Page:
Warp and weft of human rights5 Dec 2023
Human rights are not merely individual but sewn into the social fabric.
The last months of this year have been marked by disputes about human rights. Underlying the referendum on the Indigenous Voice to Parliament were differences about the right of Indigenous peoples to their land and how to negotiate them. The war in Gaza highlights the right to life of people affected by war in Israel and Gaza. In domestic politics we have seen disputes about the right to free speech and the rights of minority groups in society.
The conflicts about human rights emphasise the continuing importance of the United Nations Universal Declaration on Human Rights whose 75th anniversary we celebrate this year. Its theme is consolidating and sustaining human rights into the future. The emphasis on the future hints at current threats to human rights. The reference to cultures suggests that in no society can rights be taken for granted. They need to be woven into the fabric of society. They can be worn away by brutality or carelessness.
Human rights are sometimes treated as a list of items to which each individual is entitled. It more helpful to situate them within a larger view of human life, and so to ask what conditions must be met if we human beings are to flourish. The starting point for thinking about human rights is the conviction that each human being is precious and that everything necessary for their life and development must be encouraged and protected. This includes their security, their shelter, their education, their health, their access to food, their religious and political beliefs. Each individual person needs these things.
When thinking about human rights, however, we must also take account of another aspect of our lives. If we are to flourish we depend on one another. We need the support of others to be born, nurtured, educated, fed, clothed, to travel, have access to heating and computers, and to keep our lives and possessions secure. We have a right to these things because they are necessary if we are to live fully, but we depend on others to help us enjoy them. Human rights are not merely individual. They are social because we need the support of one another to respect and receive them.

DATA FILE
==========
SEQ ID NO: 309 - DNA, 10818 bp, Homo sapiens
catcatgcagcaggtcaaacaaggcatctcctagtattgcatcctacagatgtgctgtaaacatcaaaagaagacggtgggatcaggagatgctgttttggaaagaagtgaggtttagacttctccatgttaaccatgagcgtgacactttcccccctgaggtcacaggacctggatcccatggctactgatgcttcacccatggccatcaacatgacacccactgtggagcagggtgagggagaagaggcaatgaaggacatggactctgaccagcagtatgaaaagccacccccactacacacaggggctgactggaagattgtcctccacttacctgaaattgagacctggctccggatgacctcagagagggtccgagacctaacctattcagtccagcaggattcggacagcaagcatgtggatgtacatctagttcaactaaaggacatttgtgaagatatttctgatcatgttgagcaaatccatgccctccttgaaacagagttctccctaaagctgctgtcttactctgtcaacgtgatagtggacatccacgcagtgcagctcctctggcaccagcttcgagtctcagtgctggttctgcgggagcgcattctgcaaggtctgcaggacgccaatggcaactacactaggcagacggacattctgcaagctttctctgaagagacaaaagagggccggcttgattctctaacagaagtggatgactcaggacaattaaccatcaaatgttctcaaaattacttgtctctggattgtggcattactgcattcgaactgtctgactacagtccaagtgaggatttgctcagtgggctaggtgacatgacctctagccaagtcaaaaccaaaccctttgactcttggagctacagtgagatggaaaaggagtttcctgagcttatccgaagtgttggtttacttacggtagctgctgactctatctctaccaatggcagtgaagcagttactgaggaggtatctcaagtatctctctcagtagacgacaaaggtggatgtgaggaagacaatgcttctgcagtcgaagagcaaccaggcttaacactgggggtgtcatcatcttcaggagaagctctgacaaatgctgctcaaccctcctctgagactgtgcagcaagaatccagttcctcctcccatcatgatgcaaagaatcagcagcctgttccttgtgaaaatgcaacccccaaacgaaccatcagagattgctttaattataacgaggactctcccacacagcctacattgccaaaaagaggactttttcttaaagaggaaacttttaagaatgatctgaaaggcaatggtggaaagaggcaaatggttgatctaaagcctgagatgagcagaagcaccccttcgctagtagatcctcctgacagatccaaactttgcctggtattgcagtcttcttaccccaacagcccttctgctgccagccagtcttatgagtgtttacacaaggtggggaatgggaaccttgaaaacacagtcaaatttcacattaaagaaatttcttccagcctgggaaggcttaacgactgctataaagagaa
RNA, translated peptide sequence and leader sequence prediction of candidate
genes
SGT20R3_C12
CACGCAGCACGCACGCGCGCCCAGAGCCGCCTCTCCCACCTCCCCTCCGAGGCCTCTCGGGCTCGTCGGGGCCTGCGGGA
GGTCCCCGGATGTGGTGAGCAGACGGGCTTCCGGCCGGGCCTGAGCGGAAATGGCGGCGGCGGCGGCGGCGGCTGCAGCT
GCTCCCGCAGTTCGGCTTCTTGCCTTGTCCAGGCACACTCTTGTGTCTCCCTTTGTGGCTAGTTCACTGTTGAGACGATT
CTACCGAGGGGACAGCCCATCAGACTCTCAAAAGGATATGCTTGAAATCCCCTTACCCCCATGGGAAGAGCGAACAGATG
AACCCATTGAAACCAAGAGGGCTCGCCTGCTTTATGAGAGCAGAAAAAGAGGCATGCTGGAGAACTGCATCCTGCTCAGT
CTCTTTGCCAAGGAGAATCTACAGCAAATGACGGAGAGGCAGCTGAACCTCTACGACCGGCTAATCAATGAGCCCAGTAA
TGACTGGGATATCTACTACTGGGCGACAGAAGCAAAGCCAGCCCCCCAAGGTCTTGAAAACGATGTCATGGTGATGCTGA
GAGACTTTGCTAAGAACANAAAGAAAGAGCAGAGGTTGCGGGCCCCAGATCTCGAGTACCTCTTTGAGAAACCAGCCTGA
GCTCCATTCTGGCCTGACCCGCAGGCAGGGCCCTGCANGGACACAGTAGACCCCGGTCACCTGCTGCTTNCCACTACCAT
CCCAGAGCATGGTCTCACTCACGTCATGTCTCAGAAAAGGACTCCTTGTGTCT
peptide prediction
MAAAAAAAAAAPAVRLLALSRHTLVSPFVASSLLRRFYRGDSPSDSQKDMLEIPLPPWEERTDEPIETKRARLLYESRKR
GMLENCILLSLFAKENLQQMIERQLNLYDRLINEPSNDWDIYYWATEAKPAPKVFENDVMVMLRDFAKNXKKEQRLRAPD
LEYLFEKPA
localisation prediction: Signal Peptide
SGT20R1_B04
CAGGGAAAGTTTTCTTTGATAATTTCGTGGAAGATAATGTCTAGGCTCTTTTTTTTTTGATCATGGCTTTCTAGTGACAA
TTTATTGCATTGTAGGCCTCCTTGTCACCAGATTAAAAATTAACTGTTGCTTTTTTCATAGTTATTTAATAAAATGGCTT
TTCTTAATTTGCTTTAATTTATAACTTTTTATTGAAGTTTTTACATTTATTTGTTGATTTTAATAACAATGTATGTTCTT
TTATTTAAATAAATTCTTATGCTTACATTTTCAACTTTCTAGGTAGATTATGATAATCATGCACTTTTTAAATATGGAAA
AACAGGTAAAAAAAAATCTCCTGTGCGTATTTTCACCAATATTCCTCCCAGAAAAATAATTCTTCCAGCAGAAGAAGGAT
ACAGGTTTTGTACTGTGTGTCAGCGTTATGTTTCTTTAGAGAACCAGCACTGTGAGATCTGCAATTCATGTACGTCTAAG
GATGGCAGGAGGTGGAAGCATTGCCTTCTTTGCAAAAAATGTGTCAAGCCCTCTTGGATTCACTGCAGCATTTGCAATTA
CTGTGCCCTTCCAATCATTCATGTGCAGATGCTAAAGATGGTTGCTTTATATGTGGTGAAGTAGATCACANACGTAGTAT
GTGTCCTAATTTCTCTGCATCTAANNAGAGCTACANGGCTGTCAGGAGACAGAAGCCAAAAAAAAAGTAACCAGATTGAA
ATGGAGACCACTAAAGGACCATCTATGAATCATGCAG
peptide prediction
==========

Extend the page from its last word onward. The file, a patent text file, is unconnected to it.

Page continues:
In practice the rights of different people can come into conflict. In a family, for example, I have a right to food. You have a right to rest. We might negotiate the conflict by setting mealtimes that allow both for sleep and for eating. In more complex matters such as free speech and religious freedom we may need a more complex settlement that respects and puts some limits on each person’s rights. I may have a right to hold public religious services at 5am, but not to use loudspeaker systems that will deprive other people in my suburb of sleep.
Where rights are seen as individual entitlements it becomes difficult to negotiate conflicts. This has been the case in discussion of the tension between one person’s right to hold and to express religious views and the right of another to be free from hurtful speech. In times of war, too, respect for rights and the negotiation of them are particularly difficult. The most basic of rights, the right to life, is routinely disregarded. The urgency of winning the war, too, can override other rights as exemption from fighting on ethical grounds, the right to truthful communication, the right to personal privacy. Because war is the enemy of human flourishing it is also the enemy of human rights.